The Chinese Tax Authority issued a new policy on accelerated depreciation of fixed assets to promote technology innovation and economic development in China (Circular 75). This policy expands the scope of fixed assets that are eligible for accelerated depreciation methods for corporate income tax (CIT) deduction purposes. This new policy allows manufacturing companies to accelerate cash flow through shorter fixed asset depreciation periods and encourages increased manufacturing investments in specific industries.
The new policy outlines key conditions for the accelerated depreciation and lump sum methods depreciation. Overall, the new policy will not change the total tax deduction of fixed assets investments. However, it can benefit start-up or middle-sized enterprises in the early stages of development through increasing after-tax cash flows. The rules encourage six specific high-technology industries, including:
- Biopharmaceutical industry
- Manufacturing of special machinery
- Manufacturing of transportation equipment for the railway, shipping, aviation, and aerospace industries
- Manufacturing of computers, telecommunications, or other electronic devices
- Manufacturing of instruments and meters
- Information transmission, software, and information technology services
Manufacturing companies that are planning to acquire additional equipment in China are encouraged to contact us to review their financial investment plans to determine if they can benefit from this new tax deduction policy. Please contact us for additional information.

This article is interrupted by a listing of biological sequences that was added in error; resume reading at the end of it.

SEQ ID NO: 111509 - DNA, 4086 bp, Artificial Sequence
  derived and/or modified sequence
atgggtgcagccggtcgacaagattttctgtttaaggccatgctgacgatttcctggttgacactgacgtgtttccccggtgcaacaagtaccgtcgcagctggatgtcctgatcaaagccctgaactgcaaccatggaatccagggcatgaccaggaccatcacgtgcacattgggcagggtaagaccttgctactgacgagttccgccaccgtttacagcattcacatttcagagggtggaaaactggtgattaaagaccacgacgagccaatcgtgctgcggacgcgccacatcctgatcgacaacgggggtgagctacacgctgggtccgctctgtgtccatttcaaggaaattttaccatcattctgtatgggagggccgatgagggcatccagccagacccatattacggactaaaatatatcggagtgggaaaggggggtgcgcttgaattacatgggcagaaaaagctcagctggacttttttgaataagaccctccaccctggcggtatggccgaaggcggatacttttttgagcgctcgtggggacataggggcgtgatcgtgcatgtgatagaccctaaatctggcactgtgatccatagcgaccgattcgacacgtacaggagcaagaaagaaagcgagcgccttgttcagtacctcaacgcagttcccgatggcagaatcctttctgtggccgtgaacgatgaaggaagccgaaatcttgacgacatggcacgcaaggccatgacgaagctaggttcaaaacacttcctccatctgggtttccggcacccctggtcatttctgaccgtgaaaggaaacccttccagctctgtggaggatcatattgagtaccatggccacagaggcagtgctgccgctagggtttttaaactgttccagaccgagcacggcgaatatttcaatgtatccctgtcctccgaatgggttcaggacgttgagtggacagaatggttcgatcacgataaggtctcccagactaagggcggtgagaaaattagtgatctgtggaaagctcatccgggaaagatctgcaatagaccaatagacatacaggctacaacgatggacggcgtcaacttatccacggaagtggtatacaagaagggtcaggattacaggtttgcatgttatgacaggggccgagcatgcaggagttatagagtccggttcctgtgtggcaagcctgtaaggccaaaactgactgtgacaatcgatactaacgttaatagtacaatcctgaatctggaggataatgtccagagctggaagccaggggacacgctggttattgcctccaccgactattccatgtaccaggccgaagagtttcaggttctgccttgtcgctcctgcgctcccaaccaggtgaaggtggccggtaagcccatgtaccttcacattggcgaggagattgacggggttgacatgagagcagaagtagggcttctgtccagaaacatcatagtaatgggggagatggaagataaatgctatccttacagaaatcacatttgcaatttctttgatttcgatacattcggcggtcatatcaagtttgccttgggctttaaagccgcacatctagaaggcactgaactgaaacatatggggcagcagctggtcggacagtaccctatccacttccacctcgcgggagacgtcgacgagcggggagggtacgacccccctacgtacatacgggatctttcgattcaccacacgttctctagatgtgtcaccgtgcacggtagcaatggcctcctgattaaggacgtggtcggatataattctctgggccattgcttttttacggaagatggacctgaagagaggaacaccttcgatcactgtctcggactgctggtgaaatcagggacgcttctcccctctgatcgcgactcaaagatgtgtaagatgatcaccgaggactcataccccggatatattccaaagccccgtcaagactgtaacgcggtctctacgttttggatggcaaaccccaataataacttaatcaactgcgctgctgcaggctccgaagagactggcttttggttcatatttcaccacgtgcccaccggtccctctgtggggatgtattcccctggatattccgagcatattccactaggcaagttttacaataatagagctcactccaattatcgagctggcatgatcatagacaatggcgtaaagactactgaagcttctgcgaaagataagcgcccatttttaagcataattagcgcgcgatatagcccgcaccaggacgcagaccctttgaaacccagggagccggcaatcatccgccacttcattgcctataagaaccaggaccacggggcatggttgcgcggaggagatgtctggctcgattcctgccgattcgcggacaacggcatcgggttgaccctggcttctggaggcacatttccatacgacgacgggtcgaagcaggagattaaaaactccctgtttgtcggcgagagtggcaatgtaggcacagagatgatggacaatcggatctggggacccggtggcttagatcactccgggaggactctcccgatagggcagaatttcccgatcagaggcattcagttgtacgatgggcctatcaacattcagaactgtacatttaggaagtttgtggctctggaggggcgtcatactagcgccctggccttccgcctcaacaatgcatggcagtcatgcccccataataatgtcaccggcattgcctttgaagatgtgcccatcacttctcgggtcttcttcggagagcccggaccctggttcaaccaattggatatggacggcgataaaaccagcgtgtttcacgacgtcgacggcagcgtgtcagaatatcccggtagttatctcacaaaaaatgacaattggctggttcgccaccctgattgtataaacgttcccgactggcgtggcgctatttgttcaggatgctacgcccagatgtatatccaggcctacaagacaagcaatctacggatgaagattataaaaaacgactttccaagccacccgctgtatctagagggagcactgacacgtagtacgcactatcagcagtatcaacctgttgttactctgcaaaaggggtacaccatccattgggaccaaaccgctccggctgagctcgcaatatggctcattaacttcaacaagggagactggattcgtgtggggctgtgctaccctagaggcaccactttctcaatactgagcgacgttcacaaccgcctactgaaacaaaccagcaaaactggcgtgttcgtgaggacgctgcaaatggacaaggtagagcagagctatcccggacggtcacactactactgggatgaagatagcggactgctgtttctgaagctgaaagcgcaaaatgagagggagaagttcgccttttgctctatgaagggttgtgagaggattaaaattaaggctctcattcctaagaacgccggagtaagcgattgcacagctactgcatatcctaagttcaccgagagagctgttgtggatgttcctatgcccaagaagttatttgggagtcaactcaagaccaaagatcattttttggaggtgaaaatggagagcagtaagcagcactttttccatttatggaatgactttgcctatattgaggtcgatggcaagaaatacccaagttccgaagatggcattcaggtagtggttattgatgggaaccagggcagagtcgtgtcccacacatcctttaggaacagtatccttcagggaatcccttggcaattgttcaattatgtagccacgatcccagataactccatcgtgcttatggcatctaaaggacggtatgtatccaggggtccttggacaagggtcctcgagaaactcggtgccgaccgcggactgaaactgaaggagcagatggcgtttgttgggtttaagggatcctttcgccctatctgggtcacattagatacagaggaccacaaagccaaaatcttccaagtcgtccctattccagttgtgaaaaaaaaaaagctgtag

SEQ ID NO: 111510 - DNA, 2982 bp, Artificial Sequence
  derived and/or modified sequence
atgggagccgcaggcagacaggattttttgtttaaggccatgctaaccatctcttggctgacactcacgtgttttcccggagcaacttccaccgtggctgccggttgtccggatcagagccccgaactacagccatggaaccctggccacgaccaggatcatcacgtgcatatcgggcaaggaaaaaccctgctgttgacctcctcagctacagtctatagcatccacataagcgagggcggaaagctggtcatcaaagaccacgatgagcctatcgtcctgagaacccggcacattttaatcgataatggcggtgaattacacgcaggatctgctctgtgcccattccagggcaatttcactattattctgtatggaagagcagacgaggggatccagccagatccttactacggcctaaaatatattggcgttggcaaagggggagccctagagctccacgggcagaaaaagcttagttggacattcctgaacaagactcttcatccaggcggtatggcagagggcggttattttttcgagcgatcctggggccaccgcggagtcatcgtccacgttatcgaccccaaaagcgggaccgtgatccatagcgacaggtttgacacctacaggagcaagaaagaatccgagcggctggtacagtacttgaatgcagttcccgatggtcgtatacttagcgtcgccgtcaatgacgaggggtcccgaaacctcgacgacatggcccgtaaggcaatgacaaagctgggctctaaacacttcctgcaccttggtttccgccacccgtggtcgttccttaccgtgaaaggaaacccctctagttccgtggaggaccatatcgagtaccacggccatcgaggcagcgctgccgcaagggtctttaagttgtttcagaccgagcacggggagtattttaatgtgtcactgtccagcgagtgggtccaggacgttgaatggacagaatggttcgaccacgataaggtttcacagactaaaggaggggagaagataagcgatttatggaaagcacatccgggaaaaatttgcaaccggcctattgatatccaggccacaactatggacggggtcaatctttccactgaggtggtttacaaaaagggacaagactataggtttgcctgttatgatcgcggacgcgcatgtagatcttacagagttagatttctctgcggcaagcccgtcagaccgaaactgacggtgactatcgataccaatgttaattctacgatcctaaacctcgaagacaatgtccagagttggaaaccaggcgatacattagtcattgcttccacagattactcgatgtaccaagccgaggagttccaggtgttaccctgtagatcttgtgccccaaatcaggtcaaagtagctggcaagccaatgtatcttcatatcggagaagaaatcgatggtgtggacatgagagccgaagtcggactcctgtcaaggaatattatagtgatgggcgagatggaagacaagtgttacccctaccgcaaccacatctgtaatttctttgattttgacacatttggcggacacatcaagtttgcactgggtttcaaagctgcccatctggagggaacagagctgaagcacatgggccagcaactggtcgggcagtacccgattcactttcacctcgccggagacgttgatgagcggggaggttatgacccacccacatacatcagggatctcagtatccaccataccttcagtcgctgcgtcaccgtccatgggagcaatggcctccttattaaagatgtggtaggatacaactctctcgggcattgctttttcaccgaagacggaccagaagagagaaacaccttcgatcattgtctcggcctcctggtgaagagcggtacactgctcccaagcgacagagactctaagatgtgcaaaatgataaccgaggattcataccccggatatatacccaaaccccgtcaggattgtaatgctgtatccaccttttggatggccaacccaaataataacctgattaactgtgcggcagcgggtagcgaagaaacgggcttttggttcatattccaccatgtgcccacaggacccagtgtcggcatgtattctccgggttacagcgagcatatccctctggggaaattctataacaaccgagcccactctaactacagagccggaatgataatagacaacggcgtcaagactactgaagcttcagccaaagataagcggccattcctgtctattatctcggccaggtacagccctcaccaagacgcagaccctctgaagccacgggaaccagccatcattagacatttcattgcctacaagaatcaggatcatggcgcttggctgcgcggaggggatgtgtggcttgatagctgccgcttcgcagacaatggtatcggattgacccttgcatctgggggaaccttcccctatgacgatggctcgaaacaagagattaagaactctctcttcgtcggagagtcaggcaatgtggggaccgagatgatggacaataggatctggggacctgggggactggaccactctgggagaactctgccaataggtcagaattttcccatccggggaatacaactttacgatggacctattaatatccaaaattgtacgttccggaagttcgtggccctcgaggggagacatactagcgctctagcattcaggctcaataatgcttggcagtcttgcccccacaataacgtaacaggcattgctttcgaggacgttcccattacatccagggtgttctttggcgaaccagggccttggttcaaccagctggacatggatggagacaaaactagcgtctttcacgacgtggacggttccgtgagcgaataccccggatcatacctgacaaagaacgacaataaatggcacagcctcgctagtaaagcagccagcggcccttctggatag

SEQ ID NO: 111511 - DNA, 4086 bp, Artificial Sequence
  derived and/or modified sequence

The United States and Canada recently announced an initiative to track individuals crossing the border for both work and for personal reasons. The initiative will track the number of days a resident of one country works or stays in the other country during a calendar year. The foreign individual will have their days in Canada or the U.S. tracked beginning when they cross the border. Once they cross the border back into their resident country, the tracking of their days will complete. The goal of the initiative is to track what foreign companies should be remitting withholding and payroll taxes to the Internal Revenue Service (IRS) or Canadian Revenue Authority (CRA) and to track the tax implications on individuals.
The general rule in the U.S. and Canada is that if an individual is in either country for 183 days or more, the person will be taxed as a resident of that country. Residency determines how and where certain portions of income can be taxed. For example, the United States taxes residents on a worldwide basis and requires residents to file certain informational reporting returns. If a Canadian citizen were found to be spending 183 days or more in the U.S., that person may be subject to the U.S. taxation of their worldwide income and would also be subject to the filing of certain informational returns. As the initiative will track the days spent in a country, the IRS and CRA will now have data available to them on where an individual should be considered a resident for tax purposes. The U.S./Canada tax treaty also provides certain “tie breaker” rules to resolve residency issues where an individual may be considered a resident of both countries under their respective domestic provisions.
Canada also generally requires a 15 percent withholding tax on payments (or wages sourced to Canada) to employees of foreign firms who work temporarily in Canada. The burden is on the foreign firm to file the necessary forms and withhold the necessary tax to remit to the CRA. This is done on an individual by individual basis. An individual may not ultimately be subject to Canadian tax, but it is the foreign firm’s responsibility to remit the necessary withholding tax on any wages or payments that result from services in Canada, unless an advance payroll tax waiver is obtained from the CRA prior to the individual performing work in Canada.
If you or your company is currently sending individuals into the U.S. or Canada, please contact us for more information.